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This week on JobMakers, host Denzil Mohammed talks with Steve Tobocman, head of the economic development nonprofit Global Detroit, and one of the thousands of refugee business owners he’s assisted, Mamba Hamissi, Burundi native and co-founder of Baobab Fare, an East African restaurant. They discuss their work to harness the immigrant work ethic to rebuild Detroit and infuse it with life and culture. In the early 2000s, the city fell on hard times, when population loss and the economic downturn led to the largest municipal bankruptcy filing in U.S. history. But that’s where immigrants and refugees come in. As they’ve done for generations, immigrants move to places with affordable rents, and they often have few other options for earning an income than starting small businesses. It’s no wonder then that they have higher than average rates of entrepreneurship. We’ll learn about how a modest investment in a newcomer’s business can help lift up an entire community, in this week’s JobMakers podcast.
Mamba Hamissi is originally from Burundi, East Africa. His wife, Nadia, was an activist there, and her life was threatened. They decided to flee the country and applied for refugee status. America was the first country to provide a refugee visa, but only for Mamba’s wife. Nadia, while pregnant, left Africa and was living in a shelter here in America before Mamba finally got to join her, when his children were 2 years old. He and his wife launched a restaurant, Baobab Fare, a traditional East African eatery and cafe in Detroit’s New Center neighborhood. During and after COVID, the couple have prepared meals for frontline workers, and donated proceeds from the sale of their imported Burundi coffee to support immigrants impacted by the pandemic. Their business was named by the popular food blog, Eater, as one America’s top dining destinations.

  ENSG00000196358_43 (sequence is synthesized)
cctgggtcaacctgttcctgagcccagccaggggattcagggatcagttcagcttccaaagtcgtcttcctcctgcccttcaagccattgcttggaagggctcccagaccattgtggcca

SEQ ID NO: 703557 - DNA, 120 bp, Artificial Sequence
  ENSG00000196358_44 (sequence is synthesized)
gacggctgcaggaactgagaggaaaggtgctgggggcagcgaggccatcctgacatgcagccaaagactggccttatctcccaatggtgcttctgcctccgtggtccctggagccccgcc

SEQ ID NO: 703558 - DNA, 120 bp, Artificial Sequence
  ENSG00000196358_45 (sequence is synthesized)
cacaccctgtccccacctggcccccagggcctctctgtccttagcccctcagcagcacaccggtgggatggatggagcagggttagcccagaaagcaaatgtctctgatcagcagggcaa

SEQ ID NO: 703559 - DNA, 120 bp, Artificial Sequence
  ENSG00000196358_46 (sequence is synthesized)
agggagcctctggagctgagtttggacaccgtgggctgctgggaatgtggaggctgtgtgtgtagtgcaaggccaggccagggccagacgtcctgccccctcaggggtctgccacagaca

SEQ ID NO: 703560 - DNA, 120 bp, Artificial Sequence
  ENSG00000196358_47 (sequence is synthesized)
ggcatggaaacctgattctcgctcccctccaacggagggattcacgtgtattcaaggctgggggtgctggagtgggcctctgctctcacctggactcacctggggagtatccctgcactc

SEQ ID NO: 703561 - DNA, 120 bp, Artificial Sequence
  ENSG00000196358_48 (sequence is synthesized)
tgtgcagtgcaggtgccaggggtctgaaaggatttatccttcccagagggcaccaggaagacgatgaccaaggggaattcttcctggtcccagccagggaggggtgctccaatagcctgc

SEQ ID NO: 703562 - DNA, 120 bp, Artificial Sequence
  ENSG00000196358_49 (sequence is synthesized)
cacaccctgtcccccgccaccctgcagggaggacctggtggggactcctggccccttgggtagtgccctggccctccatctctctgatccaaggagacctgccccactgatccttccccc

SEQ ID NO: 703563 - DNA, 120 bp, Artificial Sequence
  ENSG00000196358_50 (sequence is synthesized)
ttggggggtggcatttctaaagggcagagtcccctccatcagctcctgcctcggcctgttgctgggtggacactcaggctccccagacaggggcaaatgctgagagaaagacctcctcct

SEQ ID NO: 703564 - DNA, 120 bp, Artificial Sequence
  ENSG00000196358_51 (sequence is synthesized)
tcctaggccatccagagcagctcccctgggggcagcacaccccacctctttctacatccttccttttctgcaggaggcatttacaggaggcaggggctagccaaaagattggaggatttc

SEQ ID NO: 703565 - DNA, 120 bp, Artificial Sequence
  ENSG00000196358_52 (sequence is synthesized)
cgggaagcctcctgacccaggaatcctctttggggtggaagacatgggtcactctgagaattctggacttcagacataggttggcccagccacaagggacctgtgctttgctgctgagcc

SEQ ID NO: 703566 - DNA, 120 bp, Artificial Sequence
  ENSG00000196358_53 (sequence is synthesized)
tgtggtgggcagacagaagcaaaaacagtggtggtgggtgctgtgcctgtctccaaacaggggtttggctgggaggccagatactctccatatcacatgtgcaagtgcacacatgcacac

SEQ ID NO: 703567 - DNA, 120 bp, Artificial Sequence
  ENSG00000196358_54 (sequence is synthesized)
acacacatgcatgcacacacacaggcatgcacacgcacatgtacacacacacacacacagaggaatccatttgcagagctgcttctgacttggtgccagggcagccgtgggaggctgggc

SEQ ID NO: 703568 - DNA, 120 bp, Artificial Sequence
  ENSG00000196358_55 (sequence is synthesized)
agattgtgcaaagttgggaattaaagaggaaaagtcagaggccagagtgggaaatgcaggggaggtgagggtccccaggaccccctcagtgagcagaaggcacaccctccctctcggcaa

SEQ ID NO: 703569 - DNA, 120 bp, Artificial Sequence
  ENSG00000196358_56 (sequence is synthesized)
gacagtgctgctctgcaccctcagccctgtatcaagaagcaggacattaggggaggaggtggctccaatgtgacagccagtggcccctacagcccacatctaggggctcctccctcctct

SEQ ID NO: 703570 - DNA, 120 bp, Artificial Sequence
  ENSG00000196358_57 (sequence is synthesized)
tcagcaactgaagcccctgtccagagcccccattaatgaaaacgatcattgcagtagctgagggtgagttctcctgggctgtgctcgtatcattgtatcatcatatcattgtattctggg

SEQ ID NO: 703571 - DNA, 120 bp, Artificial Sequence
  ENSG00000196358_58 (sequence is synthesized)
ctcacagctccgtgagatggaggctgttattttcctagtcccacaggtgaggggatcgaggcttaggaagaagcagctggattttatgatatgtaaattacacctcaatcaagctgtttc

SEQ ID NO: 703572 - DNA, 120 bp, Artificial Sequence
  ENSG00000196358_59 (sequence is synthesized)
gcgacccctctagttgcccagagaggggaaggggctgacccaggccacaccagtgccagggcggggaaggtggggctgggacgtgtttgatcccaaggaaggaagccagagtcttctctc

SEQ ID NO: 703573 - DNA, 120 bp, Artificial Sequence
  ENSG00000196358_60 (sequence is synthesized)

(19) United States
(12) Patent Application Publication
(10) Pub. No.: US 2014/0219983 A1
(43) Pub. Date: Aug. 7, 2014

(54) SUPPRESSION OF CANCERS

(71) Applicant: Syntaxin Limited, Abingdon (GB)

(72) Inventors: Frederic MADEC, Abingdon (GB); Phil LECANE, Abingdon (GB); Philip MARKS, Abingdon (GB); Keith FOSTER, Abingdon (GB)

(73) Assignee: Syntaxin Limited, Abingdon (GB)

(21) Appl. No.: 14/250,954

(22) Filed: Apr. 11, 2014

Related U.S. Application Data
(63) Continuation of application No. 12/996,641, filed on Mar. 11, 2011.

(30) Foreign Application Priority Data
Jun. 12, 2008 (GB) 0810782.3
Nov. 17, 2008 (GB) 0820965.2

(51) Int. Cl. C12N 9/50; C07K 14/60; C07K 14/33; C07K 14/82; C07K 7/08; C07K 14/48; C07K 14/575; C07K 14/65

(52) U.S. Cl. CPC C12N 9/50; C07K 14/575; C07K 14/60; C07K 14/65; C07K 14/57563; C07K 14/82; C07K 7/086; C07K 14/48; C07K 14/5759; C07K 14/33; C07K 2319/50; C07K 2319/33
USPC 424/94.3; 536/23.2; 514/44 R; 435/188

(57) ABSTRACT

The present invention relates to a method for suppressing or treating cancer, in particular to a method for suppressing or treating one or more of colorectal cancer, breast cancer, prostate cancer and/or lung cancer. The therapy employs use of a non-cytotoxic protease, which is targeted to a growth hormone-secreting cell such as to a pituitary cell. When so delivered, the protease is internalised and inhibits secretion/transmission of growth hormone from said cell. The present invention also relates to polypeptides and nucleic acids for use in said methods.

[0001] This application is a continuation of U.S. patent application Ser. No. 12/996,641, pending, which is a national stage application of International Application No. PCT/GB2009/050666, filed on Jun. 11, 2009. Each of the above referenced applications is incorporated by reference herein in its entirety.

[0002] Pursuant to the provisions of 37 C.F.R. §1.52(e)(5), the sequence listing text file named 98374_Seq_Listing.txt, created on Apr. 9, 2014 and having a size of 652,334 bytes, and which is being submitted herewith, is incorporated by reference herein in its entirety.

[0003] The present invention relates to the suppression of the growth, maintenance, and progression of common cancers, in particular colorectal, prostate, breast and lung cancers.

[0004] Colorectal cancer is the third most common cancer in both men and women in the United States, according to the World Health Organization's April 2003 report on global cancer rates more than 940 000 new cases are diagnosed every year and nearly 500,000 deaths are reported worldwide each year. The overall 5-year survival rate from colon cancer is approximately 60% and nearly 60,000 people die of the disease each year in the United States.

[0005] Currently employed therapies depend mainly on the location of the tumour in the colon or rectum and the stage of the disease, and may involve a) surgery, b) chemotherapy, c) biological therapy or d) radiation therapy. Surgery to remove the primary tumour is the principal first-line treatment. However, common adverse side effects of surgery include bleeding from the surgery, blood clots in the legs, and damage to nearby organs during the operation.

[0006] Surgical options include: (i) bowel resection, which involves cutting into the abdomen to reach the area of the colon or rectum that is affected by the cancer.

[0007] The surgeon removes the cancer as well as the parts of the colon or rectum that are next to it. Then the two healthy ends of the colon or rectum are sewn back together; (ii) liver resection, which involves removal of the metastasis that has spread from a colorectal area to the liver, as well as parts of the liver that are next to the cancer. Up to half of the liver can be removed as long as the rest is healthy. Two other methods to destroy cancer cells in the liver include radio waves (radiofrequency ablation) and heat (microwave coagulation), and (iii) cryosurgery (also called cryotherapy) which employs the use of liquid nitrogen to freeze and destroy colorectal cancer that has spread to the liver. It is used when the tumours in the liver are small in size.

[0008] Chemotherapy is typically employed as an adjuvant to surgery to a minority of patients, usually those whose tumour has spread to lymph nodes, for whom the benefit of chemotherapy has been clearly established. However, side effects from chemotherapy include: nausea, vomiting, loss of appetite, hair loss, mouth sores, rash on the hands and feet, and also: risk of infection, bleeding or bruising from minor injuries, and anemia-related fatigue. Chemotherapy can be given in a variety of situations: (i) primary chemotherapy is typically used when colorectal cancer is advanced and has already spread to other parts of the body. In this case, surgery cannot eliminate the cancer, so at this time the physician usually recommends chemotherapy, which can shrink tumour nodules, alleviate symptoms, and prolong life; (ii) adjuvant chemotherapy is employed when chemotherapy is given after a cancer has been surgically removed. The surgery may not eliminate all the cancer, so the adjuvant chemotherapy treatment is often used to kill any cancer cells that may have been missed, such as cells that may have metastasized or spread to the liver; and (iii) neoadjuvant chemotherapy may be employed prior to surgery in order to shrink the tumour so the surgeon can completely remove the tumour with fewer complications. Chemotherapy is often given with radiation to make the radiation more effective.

Steve Tobocman has served since 2010 as executive director of Global Detroit, a regional economic and community development organization advancing immigrant-inclusive strategies to drive the revitalization of Detroit. Steve also led the creation and growth of the Welcoming Economies Global Network, a 10-state regional network of immigrant economic development peer initiatives across the Rust Belt, and co-led the economic integration session at the Obama White House’s first immigrant integration convening. Steve has authored numerous studies and research reports and is often a featured speaker on the topic of immigrant economic development and has opinion pieces on the topic appear in the Washington Post, Politico, and numerous local and national publications. Steve previously served as the elected representative from Michigan’s 12th State House District in Detroit. He co-directs the Michigan Political Leadership Program at Michigan State University and is a partner at New Solutions Group, LLC, a Detroit-based consulting firm. Steve earned his Juris Doctor cum laude from the University of Michigan Law School and a Masters in Public Policy from UM’s Ford School of Public Policy.
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